#5: Prometheus Trio at the Wisconsin Conservatory of Music.
Why? Because WCM’s resident piano trio—Stephanie Jacob, Scott Tisdel and Timothy Klabunde—are terrific at finding music you don’t hear every day. To wit: a trio arrangement of Arnold Schoenberg’s landmark tone poem, "Verklärte Nacht," arranged by Schoenberg’s former student, Eduard Steuermann, which should highlight the atmospheric transparency of the composer’s inventive harmonies. Also on the program, a Haydn Trio and Brahms early Trio in B major, which he completed as a 20-year-old, and then rewrote it 35 years later.
#4: 1959 Pink Thunderbird at In Tandem Theatre.
Why? Because playwright James McLure was a playwright who never became a Broadway legend or a sought-after screenwriter. But his vision of a wide-open America was distinctive and wry. A native of Louisiana, he often wrote about the south. And this pair of one-act plays—Lone Star and Laundry and Bourbon—each feature a trio of comic parts ripe for the picking by the actors assembled at In Tandem. Libby Amato and Matt Koester are two of the crowd, which is directed by In Tandem’s Jane and Chris Flieller.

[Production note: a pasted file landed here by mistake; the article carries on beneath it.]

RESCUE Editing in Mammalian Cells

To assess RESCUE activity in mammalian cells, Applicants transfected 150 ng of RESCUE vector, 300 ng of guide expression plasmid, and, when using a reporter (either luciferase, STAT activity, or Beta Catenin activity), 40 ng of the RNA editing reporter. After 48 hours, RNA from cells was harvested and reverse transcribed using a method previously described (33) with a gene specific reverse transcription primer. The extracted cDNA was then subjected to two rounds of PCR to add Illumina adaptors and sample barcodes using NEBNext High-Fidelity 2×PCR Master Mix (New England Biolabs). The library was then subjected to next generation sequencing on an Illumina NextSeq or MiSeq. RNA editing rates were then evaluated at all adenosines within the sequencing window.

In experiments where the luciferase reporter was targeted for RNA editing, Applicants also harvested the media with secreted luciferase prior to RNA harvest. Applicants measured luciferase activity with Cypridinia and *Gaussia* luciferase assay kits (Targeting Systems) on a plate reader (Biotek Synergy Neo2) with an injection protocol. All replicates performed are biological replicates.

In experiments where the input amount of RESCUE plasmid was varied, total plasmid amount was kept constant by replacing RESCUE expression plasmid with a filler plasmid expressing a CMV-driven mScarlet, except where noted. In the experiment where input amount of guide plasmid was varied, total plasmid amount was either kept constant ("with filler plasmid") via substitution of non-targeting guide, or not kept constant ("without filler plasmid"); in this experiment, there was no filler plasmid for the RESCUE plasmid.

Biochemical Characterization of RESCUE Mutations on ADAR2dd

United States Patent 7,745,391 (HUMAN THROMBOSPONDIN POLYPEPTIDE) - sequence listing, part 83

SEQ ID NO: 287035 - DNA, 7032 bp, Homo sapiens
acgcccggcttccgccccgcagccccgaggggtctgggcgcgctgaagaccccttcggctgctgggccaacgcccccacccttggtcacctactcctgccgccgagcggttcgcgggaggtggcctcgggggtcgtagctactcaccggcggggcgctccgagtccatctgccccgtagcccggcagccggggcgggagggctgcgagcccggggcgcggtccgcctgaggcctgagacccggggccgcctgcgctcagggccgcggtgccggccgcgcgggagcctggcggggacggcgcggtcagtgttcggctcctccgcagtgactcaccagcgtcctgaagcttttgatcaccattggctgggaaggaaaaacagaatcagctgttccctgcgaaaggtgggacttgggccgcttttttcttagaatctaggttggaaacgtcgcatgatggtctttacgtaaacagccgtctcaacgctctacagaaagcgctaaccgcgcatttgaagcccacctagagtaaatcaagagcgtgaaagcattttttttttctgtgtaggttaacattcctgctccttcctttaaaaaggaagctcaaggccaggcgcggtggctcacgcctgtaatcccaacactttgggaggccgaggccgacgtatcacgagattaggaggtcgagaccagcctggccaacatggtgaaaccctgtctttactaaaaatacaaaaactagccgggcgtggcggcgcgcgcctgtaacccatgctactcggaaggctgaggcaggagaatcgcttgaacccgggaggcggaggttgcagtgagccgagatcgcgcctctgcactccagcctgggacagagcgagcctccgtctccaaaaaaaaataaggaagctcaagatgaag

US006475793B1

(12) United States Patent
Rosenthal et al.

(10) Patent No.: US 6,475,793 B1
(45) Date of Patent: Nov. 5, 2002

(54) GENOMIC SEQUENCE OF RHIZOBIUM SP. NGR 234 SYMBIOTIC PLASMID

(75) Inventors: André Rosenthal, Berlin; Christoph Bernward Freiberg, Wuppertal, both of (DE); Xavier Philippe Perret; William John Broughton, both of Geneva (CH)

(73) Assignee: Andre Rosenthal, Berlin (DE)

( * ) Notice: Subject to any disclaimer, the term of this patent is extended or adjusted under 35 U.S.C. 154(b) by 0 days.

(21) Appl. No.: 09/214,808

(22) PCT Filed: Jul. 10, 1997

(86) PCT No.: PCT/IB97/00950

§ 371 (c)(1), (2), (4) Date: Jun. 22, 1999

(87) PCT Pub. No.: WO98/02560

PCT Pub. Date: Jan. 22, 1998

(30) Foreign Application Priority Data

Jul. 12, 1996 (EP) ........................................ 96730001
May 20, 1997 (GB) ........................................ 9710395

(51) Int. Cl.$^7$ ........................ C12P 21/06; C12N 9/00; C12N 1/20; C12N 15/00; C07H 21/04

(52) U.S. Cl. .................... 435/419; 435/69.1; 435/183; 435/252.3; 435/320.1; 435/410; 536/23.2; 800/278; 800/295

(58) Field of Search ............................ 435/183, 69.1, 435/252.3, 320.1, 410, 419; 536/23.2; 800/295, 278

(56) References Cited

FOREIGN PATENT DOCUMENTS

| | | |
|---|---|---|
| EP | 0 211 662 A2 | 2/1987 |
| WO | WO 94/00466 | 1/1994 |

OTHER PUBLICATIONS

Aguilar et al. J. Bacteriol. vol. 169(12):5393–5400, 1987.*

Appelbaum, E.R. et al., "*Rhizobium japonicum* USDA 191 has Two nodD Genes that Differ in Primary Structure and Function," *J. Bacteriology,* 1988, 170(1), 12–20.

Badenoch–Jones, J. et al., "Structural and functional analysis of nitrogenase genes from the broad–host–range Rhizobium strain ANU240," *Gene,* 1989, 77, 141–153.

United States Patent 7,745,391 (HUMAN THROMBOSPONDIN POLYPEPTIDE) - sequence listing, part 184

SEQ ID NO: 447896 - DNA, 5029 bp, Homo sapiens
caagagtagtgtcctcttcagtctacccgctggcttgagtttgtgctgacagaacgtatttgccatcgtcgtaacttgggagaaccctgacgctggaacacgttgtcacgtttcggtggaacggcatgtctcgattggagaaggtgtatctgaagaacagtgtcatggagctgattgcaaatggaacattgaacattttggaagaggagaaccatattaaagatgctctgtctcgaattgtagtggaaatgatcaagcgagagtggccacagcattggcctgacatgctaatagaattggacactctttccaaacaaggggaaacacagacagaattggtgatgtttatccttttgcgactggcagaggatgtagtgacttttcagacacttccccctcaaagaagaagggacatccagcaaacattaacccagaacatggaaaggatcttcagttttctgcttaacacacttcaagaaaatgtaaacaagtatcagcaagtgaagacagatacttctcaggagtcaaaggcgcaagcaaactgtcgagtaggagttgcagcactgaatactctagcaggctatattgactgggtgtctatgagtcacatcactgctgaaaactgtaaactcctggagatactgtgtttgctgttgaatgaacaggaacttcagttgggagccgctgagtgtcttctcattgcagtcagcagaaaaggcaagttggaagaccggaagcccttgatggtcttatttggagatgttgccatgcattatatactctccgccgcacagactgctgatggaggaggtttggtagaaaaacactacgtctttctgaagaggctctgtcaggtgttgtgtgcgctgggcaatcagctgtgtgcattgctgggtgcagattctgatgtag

#3: The Milwaukee Symphony Orchestra at the Marcus Center.
Why? Because you know Rachmaninoff. You hum along quietly when you listen to that “Paganini Rhapsody,” and you try not to sing “All By Myself” when the familiar melody of the Second Piano Concerto blooms. But you don’t know Sergei like Joyce Yang knows Sergei, particularly if you don’t know the Fourth Piano Concerto, which is positively spare and modern compared with the arching melodies of the more familiar concertos. Yang returns to play the Fourth with Edo de Waart conducting, the last of the pair’s five-year collaboration on Rachmaninoff’s complete works for piano and orchestra. As in the past, the program is entirely devoted to the composer, with the Third Symphony and the symphonic poem "Prince Rostislav" also on the bill.
#2: Jason Moran’s Fats Waller Dance Party at the South Milwaukee Performing Arts Center.
Why? Because pianist Moran has been called one of the most creative minds working in jazz today. And he’ll show you why with this program of re-imagined classics from the mind of Fats Waller. When he premiered this event three years ago, The New York Times celebrated its loose, party atmosphere as a welcome respite from the formal, concert-hall presentations of jazz. So be prepared to swing. Be prepared to laugh (Waller, after all, was one funny songwriter). And be prepared to dance.
#1: Plugged In at Danceworks Studio.
Why? Speaking of inventive dance, the Danceworks Performance Company is on a roll. But how do you top a dazzling collaboration like last month’s Temptation’s Snare, which brought Stravinsky’s A Soldier’s Tale into the postmodern era (with the help of Present Music’s ensemble). You collaborate again, this time with music artist Tyrone “DJ Bizzon” Miller and a group of hip-hop dancers. You also turn the Danceworks studio into a faux dance club, and turn Jason Powell loose to pay tribute to the Talking Heads and B-52s, with a dance accompaniment, or course.